Show Review & Photos: The Cult @ the Neptune

The Cult @ the Neptune, 8/24
Review by M. Crossley
Photos by Geoffrey Gribbin

London, England, 1981: The tiny isles of Great Britain are embroiled in the sounds of New Wave and Post-Punk. The Limey king of the London airwaves is a man who calls himself Adam Ant. The Ants play post-punk music with tribal percussion, a visual flair, and a taste for zinc oxide tribal war paint. They are a smashing success. Locally and globally, a nascent MTV helps add fuel to the fire of “Ant Music” . . . But this is a review of The Cult, how does this play?

The Cult

London, England, 1981: a twenty-year-old singer named Ian Astbury moves to London from his native Scotland. He joins a band called Southern Death Cult. Besides making some of the best music the post-punk genre has ever offered, they had one of the coolest names in the history of rock. They also had a penchant for zinc oxide war paint and tribal drums.

Naming themselves after what is now PCed into the Southern Ceremonial Complex, Southern Death Cult took their title from a fourteenth-century Arkansasian tribe and its fetishization of death. These themes would resonate throughout their entire career. The Native American undercurrents, the artistic direction of their lyrics, logos and album covers, their interpersonal hookum. They sounded like Adam and the Ants, except with soul and brevity. And message.

The Cult

In 1983 guitarist Billy Duffy joins the band. Quickly changing their name to The Cult, the band leaves waning radio trends behind in place of what is quickly becoming called “alternative rock.” Now having more in common with the Jesuit College rock of bands like The Church, The Mission UK, and The Call, The Cult put out their first, LP Dreamtime, quickly followed by Love, which produces the hit “She Sells Sanctuary.” Love is their first successful album, and when they go into the studio to record it’s follow up Peace in 1986. They hate the sound of it. They take it to Rick Rubin who re-records the whole thing, and the band, renaming the LP, Electric, finally hits its stride, producing one of the more potent straight up rock ‘n’ roll records of the late 1980s. It effectively makes The Cult too hard rock for alternative, yet too light and dynamic for heavy metal.

The Cult

When The Cult played Seattle’s Neptune Theater on Tuesday, August 21st, one thing was evident from the get-go: This was not to be some “greatest hits” tour like most other bands of their tenure succumb to. No, this tour was in support of their ninth studio album, Choice of Weapon, and the set list confirmed this fact. Taking the stage over an hour late, Ian Astbury, Billy Duffy and a crew of hired hands launched straight into “Lil’ Devil” from the Electric LP before getting settled into a set of mostly new songs. Choice of Weapon is the band’s first new album in over five years, and I certainly understood and respected their choice to play their new material. The problem with this approach and a band of The Cult’s status is that it left a capacity audience a bit perplexed at times. Choosing two songs from their three most popular albums to pepper the bill left the audience’s expectations divided at times.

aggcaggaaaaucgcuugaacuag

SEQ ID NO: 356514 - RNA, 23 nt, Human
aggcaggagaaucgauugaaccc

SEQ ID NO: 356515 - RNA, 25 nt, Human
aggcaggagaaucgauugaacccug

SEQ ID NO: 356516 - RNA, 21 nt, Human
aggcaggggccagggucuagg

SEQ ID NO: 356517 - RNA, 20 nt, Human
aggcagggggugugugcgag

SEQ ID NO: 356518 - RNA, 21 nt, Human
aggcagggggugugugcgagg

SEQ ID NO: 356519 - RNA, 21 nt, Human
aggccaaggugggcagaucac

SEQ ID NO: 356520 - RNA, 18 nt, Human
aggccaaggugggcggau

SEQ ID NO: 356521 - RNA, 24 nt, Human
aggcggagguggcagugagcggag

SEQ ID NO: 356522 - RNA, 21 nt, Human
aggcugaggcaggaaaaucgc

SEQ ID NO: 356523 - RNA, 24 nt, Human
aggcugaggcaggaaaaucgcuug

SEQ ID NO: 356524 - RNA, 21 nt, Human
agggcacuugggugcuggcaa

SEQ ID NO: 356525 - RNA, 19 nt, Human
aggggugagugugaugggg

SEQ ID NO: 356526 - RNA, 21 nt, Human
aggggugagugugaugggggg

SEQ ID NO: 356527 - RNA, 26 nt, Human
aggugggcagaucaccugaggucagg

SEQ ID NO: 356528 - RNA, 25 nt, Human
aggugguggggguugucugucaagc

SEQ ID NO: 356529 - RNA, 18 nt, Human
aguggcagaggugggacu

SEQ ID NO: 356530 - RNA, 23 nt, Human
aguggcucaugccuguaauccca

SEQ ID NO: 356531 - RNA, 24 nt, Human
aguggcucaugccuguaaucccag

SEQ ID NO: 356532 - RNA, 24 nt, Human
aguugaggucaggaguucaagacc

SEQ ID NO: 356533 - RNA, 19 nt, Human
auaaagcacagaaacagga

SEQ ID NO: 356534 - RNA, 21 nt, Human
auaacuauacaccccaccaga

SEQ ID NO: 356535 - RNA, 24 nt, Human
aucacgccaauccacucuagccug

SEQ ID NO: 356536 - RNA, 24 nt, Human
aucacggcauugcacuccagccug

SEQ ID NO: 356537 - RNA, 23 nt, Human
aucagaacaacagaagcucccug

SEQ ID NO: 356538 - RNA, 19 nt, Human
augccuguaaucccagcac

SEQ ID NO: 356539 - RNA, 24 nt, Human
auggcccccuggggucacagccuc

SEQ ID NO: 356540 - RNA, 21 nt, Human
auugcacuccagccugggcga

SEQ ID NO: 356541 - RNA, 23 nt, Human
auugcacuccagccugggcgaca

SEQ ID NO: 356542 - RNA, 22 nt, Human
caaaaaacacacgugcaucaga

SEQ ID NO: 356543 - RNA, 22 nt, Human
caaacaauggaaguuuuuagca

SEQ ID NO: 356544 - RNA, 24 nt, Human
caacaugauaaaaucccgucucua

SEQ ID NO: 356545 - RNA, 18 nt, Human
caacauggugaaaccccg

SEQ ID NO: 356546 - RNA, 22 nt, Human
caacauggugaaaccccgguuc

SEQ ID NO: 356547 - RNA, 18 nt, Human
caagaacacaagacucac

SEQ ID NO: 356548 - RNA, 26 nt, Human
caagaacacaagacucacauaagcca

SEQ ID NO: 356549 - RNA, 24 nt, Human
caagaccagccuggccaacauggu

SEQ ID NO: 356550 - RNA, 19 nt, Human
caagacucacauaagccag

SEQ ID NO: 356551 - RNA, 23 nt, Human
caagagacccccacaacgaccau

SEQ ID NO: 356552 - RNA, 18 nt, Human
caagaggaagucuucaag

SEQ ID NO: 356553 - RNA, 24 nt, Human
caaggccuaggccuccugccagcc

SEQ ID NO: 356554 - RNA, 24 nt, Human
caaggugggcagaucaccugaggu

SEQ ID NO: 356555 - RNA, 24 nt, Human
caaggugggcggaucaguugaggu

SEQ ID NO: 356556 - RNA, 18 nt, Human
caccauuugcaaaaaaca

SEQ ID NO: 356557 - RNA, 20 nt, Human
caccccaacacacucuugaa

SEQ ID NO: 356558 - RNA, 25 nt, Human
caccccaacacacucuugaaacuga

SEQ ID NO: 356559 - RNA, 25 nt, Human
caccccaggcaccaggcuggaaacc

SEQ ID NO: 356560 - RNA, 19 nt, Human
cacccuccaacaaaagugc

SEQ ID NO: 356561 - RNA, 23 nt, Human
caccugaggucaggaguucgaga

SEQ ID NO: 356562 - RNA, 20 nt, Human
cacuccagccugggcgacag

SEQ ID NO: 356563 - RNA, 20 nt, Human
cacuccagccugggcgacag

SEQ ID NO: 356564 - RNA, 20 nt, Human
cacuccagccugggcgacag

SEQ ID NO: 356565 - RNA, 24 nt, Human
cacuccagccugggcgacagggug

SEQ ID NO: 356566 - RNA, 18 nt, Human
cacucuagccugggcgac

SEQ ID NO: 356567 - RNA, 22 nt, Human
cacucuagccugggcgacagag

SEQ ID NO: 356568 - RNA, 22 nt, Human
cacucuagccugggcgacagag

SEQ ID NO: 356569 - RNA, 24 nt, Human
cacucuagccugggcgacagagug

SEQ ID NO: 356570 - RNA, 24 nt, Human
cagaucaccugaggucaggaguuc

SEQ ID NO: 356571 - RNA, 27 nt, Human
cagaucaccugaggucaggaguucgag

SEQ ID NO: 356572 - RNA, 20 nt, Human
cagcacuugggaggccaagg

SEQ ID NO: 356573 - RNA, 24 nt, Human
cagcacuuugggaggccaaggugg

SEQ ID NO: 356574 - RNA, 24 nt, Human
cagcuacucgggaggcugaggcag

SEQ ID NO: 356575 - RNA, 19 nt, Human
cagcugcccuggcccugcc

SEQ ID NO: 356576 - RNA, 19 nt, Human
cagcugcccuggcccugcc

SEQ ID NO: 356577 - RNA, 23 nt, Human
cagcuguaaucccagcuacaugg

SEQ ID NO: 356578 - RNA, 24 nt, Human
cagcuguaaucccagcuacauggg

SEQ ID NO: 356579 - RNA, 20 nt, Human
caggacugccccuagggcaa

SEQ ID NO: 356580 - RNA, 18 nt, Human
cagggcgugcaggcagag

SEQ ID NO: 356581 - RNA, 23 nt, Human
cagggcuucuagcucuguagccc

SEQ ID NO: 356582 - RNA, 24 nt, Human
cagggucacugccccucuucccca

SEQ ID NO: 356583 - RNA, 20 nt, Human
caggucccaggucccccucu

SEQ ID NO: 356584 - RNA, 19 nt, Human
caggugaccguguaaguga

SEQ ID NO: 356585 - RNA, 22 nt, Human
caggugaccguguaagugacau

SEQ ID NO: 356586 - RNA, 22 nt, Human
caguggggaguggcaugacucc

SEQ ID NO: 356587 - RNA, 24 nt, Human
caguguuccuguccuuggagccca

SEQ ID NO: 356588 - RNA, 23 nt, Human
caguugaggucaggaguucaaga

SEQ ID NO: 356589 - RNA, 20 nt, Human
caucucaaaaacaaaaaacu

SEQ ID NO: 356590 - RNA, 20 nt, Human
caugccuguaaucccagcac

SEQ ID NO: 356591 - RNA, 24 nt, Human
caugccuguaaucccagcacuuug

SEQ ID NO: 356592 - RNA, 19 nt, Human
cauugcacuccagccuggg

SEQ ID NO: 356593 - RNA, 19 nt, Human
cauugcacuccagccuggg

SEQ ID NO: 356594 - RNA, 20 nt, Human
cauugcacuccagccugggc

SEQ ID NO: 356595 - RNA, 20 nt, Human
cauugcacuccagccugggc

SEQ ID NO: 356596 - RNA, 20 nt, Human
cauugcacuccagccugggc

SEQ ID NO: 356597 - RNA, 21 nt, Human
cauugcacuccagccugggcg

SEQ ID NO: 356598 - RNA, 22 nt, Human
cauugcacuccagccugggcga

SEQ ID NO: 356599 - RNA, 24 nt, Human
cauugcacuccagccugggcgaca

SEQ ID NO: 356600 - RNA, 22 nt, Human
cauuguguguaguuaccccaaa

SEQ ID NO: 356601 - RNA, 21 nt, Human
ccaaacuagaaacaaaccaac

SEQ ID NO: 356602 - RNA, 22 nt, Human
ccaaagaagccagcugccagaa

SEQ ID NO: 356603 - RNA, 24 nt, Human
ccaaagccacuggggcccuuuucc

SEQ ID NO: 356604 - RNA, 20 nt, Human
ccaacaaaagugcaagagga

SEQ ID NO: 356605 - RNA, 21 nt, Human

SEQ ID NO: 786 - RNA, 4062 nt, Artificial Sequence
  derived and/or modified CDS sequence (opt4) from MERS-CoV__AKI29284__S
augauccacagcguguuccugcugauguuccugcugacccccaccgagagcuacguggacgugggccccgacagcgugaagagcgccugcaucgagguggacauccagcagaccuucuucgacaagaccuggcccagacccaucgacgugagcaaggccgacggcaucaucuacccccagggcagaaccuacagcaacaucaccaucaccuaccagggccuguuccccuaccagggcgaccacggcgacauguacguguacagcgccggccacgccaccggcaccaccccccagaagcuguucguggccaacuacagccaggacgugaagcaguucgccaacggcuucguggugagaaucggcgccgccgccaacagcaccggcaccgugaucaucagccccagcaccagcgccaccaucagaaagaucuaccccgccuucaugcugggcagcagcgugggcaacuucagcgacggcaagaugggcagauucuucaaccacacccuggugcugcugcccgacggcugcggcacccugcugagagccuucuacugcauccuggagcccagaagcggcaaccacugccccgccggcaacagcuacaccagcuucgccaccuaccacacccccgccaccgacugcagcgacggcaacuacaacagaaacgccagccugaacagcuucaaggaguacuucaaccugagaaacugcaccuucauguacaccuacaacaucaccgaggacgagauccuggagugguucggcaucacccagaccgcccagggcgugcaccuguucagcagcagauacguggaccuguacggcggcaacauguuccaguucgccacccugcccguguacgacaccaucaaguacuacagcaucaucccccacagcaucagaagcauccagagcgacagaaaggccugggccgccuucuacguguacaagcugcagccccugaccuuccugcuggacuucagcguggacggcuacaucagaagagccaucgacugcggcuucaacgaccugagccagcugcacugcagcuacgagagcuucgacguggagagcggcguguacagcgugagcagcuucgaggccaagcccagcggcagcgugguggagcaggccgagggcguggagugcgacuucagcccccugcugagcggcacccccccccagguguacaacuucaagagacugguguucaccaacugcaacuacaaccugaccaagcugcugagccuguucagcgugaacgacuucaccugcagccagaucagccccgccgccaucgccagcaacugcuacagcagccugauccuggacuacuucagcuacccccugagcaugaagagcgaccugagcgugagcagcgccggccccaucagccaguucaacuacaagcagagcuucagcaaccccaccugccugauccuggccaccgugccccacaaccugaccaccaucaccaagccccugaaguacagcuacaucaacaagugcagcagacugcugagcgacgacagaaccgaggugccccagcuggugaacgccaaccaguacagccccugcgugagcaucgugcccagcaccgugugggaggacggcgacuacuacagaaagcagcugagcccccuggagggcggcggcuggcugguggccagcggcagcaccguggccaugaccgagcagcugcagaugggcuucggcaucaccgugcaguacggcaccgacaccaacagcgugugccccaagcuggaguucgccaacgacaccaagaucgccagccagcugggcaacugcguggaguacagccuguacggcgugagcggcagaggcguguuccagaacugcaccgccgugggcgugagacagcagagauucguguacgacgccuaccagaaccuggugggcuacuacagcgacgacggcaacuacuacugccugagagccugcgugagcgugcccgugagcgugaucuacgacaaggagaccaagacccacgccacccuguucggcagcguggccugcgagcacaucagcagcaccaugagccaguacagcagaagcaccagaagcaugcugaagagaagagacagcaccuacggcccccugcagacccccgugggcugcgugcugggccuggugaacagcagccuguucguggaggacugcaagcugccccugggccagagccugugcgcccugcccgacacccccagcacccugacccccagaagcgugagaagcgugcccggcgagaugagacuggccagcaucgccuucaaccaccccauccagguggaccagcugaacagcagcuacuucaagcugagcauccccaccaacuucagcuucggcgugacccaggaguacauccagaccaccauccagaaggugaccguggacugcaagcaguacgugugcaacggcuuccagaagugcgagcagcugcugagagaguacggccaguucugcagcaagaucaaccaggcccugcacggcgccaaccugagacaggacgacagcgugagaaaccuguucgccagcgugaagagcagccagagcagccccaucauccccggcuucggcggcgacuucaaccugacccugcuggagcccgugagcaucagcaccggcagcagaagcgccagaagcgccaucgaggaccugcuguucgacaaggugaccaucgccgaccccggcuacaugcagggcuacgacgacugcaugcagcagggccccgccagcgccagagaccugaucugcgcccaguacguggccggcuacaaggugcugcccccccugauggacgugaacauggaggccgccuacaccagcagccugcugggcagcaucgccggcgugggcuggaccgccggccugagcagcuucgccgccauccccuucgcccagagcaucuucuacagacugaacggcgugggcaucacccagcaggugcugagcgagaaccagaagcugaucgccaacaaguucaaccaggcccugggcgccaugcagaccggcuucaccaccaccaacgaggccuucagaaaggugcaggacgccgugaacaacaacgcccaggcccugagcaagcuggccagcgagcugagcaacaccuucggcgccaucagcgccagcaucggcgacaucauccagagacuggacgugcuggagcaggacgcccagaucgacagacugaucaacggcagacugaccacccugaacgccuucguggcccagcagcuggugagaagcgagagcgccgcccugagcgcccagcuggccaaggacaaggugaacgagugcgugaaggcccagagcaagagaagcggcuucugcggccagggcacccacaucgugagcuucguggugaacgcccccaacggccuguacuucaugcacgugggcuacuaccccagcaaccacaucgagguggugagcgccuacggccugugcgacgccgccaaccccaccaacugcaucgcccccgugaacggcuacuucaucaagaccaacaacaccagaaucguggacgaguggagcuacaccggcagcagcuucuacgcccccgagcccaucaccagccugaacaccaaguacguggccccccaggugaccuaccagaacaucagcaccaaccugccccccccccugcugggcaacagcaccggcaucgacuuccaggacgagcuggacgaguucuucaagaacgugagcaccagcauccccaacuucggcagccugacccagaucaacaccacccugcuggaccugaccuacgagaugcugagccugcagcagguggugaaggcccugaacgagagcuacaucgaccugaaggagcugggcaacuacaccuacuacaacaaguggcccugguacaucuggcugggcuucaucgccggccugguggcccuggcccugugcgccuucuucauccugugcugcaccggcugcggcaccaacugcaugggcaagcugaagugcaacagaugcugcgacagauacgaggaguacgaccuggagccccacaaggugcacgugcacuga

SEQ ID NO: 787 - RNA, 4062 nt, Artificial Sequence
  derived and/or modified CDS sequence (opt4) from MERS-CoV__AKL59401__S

Crowd response was at its peak when the opening refrains of Love’s “She Sells Sanctuary” began ringing from the PA. This fervor was only equalled when their biggest hit “Fire Woman” began playing. Both Duffy and Astbury looked amazing, and it was a great surprise to find that Astbury has not lost his distinctive Jim Morrison voice (when he chose to use it). Taking very little time for banter between songs, the singer paused long enough to inform us all that he “is a holy man,” as well as giving a dissertation about how he had never sucked a cock. Duffy and Astbury have had several well-known fallings-out over the years, but they played great together as far as their timing went, although Duffy seemed never to look up from his guitar.

Closing the night with “Love Removal Machine,” the band played a little over an hour.

The Cult

The Cult was one of my favorite bands back in my formative years, as well as a band I’d always wanted to see perform live. I went out and bought Choice of Weapon, and after a week of listening to it, I’m happy to admit that it’s the group’s strongest work since 1986’s Electric. I really dig it, particularly the new logo and Native American/terrorist cover art. What I was most delighted to find is that two songs in particular that I remember from the show (“Lucifer” and the exceptional “Honey From a Knife”) really shine through on the album.

I came to this conclusion: This is perhaps the Cult’s final studio album, and maybe their last chance to tour in support of new material before they are forced to engage in the “greatest hits” tours that most bands are wont to do. The new album is pretty damned good too, and I will expect to hear a few of these songs when I attend their greatest hits tour. The Cult are still doing it, and doing it right.

The Cult


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